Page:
Intended for healthcare professionals

Views And Reviews Acute Perspective

David Oliver: The Bawa-Garba case, doctors, and the GMC—what next?

BMJ 2018; 360 doi: https://doi.org/10.1136/bmj.k646 (Published 13 February 2018) Cite this as: BMJ 2018;360:k646
  1. David Oliver, consultant in geriatrics and acute general medicine
  1. Berkshire
  1. davidoliver372{at}googlemail.com

Since the High Court ruled in January that the trainee paediatrician Hadiza Bawa-Garba must be struck off the UK medical register, much has happened that may change how NHS doctors work, how we’re regulated, and how we raise concerns.

The General Medical Council (GMC) and the government have both announced reviews of how gross negligence manslaughter is applied to medical practice.12 Both reviews will make recommendations, but neither will have the power to make coroners’ decision making fairer to doctors. Nor can these reviews alter the common law tests for gross negligence or the fact that such cases are tried by juries without medical experience or expertise.

The GMC has put out a “frequently asked questions” document in response to concerns raised by doctors.3 When conditions feel unsafe, the document says, doctors should definitely not refuse to work but should ensure that they’ve reported concerns about staffing levels and workload up the line.

They should write a reflective entry about how unsafe it felt working in difficult conditions and, whatever they do, they shouldn’t stop writing open reflections on their practice or stop being open and candid in discussing risks, inadvertent error, and harm.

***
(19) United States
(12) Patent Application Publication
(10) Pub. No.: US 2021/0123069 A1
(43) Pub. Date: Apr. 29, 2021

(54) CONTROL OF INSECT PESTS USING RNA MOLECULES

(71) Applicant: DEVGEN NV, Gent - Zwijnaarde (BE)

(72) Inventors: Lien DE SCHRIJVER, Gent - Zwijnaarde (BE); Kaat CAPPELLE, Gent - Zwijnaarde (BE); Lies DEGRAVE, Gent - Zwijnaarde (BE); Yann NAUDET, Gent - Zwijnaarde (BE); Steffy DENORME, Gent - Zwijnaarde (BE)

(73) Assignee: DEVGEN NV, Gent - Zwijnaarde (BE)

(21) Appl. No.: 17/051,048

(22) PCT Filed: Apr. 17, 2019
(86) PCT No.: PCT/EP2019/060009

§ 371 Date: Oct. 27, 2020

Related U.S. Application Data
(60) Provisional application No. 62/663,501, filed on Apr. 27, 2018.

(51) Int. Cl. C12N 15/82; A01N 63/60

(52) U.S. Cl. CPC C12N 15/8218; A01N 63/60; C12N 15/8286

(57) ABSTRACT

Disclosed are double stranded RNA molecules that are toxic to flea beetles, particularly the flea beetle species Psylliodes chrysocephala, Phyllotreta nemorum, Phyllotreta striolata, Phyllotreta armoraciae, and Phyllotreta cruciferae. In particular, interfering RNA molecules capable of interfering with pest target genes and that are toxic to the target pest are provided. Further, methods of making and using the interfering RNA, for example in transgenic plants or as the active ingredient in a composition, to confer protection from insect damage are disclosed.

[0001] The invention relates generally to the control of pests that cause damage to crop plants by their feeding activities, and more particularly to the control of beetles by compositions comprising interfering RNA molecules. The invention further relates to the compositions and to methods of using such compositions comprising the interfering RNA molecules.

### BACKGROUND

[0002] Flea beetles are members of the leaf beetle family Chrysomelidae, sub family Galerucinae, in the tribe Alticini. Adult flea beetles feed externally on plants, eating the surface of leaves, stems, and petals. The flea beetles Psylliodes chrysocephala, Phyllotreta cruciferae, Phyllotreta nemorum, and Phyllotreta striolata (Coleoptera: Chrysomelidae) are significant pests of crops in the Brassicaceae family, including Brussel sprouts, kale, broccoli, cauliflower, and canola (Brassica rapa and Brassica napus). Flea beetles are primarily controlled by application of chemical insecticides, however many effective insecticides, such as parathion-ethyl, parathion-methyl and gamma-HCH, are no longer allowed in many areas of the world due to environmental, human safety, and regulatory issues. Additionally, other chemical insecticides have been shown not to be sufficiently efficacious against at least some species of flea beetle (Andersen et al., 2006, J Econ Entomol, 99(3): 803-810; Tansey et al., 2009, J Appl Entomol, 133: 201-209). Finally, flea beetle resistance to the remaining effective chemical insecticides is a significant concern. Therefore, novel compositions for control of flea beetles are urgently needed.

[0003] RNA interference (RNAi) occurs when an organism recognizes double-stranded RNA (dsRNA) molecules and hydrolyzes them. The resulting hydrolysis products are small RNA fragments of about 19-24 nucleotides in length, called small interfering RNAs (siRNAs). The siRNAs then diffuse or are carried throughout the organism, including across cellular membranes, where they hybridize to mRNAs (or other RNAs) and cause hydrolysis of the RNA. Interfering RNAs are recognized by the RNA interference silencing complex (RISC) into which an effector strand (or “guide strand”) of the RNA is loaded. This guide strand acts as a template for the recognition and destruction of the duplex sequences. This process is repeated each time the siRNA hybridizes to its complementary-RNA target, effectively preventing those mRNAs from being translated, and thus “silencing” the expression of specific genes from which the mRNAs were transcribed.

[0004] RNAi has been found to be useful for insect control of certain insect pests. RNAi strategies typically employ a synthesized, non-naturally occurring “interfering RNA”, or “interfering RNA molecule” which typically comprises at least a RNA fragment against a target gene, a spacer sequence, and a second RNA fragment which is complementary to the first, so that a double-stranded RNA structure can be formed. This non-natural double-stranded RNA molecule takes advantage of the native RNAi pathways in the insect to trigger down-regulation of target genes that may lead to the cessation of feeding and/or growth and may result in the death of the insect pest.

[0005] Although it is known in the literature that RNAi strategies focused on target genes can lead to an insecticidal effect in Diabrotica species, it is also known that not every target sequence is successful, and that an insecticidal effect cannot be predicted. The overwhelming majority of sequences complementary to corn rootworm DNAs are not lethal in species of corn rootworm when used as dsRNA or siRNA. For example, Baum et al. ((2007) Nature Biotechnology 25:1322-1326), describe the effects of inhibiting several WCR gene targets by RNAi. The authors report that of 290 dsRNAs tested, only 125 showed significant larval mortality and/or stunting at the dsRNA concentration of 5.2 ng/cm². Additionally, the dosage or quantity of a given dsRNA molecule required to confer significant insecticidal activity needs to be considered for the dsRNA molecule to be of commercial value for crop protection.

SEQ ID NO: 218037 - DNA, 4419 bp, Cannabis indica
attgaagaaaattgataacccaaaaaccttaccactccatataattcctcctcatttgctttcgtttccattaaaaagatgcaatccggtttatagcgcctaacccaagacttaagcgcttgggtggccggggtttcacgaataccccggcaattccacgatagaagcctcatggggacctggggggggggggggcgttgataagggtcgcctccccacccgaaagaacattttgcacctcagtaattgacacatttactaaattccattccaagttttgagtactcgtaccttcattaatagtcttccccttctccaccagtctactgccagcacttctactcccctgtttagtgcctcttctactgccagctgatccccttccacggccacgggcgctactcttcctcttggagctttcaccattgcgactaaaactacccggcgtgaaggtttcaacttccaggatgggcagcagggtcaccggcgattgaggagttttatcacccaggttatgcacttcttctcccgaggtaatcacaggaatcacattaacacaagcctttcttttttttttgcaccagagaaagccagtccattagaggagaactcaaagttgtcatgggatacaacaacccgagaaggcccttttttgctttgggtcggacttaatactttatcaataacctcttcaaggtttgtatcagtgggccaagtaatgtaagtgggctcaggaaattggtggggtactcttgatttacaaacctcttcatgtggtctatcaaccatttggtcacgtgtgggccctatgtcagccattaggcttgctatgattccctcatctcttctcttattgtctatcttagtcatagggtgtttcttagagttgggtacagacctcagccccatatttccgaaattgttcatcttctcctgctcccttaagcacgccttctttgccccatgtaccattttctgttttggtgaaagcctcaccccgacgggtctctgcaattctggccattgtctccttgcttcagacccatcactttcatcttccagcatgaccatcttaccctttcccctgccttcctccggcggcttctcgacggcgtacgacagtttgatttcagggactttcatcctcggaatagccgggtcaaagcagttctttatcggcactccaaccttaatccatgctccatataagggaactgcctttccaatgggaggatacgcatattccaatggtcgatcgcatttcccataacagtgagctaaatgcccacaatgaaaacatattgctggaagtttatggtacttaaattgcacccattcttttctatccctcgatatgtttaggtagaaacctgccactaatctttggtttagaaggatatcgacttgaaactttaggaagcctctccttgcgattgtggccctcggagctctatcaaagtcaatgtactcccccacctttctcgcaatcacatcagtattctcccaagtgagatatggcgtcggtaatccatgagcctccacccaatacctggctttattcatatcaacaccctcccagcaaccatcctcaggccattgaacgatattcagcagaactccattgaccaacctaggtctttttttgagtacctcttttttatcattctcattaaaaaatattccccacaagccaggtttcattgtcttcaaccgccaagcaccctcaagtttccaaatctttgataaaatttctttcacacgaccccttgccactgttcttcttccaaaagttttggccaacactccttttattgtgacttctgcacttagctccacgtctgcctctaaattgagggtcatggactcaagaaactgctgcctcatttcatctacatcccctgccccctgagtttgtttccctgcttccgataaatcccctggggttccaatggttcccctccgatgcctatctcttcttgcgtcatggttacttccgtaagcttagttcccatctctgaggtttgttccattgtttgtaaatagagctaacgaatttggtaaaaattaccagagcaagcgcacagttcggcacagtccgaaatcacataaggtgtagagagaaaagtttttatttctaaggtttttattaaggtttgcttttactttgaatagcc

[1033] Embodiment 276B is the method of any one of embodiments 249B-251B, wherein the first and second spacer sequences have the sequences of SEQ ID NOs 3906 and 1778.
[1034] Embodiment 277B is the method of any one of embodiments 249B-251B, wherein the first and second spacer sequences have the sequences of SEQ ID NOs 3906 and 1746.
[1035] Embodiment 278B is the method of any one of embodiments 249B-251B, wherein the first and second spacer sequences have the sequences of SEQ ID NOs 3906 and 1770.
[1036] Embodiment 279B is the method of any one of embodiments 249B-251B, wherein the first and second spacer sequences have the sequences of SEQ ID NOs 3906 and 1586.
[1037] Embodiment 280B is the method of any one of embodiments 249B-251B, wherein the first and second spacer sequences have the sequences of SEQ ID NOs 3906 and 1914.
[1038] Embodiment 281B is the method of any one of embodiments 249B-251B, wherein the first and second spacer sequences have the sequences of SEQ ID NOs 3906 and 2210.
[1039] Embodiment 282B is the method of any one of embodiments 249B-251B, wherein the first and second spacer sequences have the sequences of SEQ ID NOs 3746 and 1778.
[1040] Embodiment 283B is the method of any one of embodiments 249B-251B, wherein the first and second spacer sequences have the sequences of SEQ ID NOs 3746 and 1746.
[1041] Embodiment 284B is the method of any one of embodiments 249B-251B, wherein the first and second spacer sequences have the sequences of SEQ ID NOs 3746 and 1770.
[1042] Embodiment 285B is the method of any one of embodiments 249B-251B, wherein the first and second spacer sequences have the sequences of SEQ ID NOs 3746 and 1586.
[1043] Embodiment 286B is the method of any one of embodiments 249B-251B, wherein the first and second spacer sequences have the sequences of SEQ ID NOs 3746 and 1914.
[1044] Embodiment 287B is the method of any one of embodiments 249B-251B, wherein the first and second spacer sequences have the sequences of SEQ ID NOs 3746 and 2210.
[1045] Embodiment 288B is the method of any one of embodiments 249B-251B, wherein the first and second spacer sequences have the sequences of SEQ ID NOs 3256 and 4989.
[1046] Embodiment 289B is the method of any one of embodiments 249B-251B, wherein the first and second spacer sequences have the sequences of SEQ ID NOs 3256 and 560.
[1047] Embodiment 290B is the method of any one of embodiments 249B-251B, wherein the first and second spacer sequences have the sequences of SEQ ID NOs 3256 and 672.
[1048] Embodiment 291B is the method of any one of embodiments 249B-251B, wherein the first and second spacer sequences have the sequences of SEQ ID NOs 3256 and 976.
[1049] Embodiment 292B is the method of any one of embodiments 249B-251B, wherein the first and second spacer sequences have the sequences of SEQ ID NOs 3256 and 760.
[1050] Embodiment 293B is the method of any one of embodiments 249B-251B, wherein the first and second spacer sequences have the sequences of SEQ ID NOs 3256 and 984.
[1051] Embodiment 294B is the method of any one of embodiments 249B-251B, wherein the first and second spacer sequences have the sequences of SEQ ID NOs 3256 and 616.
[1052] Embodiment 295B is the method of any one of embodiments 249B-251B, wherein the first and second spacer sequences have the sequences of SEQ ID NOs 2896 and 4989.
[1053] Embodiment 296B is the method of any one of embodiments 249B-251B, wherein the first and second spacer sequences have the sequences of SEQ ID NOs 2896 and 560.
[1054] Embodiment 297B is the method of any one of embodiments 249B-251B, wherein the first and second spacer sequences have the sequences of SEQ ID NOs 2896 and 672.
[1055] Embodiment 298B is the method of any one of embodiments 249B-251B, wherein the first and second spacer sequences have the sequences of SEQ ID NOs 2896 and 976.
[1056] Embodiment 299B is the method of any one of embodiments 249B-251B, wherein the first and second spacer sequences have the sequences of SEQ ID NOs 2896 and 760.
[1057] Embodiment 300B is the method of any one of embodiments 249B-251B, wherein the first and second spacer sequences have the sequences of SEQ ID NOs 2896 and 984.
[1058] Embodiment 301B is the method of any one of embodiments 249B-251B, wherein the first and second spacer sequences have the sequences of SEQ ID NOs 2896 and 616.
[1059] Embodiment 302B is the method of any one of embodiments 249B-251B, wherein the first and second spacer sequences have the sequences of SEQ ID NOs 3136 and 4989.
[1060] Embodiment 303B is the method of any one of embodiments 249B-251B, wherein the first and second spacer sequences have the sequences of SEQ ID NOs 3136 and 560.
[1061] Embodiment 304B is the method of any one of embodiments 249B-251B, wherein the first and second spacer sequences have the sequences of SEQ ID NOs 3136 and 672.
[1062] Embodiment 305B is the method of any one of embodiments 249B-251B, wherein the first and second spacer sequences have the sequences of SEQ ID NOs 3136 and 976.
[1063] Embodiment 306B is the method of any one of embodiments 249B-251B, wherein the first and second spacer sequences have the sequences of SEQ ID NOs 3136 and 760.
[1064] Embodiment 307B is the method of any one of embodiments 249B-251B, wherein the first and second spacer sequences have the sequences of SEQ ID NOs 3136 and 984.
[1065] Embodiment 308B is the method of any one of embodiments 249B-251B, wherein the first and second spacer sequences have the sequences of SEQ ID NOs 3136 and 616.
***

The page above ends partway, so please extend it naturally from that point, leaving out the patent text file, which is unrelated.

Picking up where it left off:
Much has happened that may change how NHS doctors work, how we’re regulated, and how we raise concerns

After a summit with the BMA, the GMC also made a series of pledges. It would never ask doctors under investigation to provide their reflective statements; would collaborate with the Academy of Medical Royal Colleges and BMA in producing better guidance on reflection; would push for more standardised exception reporting throughout England; and would work with the BMA and wider medical profession to improve how doctors of all grades can raise safety concerns about working in an under-resourced environment.4

The Medical Protection Society agrees that doctors must continue to be open and honest and to write written reflections. It says that Bawa-Garba’s reflective diary did not form part of the evidence before the court and jury, but it acknowledges that her reflections may have “fed into the trial.”5

The GMC has also produced a “How do I raise concerns about inadequate staffing?” flowchart6 to guide doctors on what to do if they arrive at work and find that conditions are unsafe or putting them or their patients at risk. I realise that the flowchart was produced in good faith, but it’s been widely lampooned as being out of touch with daily realities on the front line, where rota gaps and short staffing are the new normal.

Do doctors in already short staffed teams really need to spend time on all of this documentation rather than seeing patients and supporting colleagues? Why can’t reporting be just a one or two click app? Besides, hospitals already know how overcrowded they are, where the rota gaps are, and whether IT systems or equipment are broken. Why should doctors waste clinical time reporting staffing and workload pressures, when it seemingly won’t protect them from being held individually accountable in criminal law anyway?

It will be interesting to see how much this all helps the profession or patients. If it throws a bright spotlight on our current NHS staffing crisis and increasingly unmanageable workload, as well as some of the broken systems in and around acute care, I’d welcome it. In the court of opinion of the doctors it regulates, the GMC has been found wanting. We should perhaps appeal to the profession to give those doctors a chance to clear their name and move us forward constructively.

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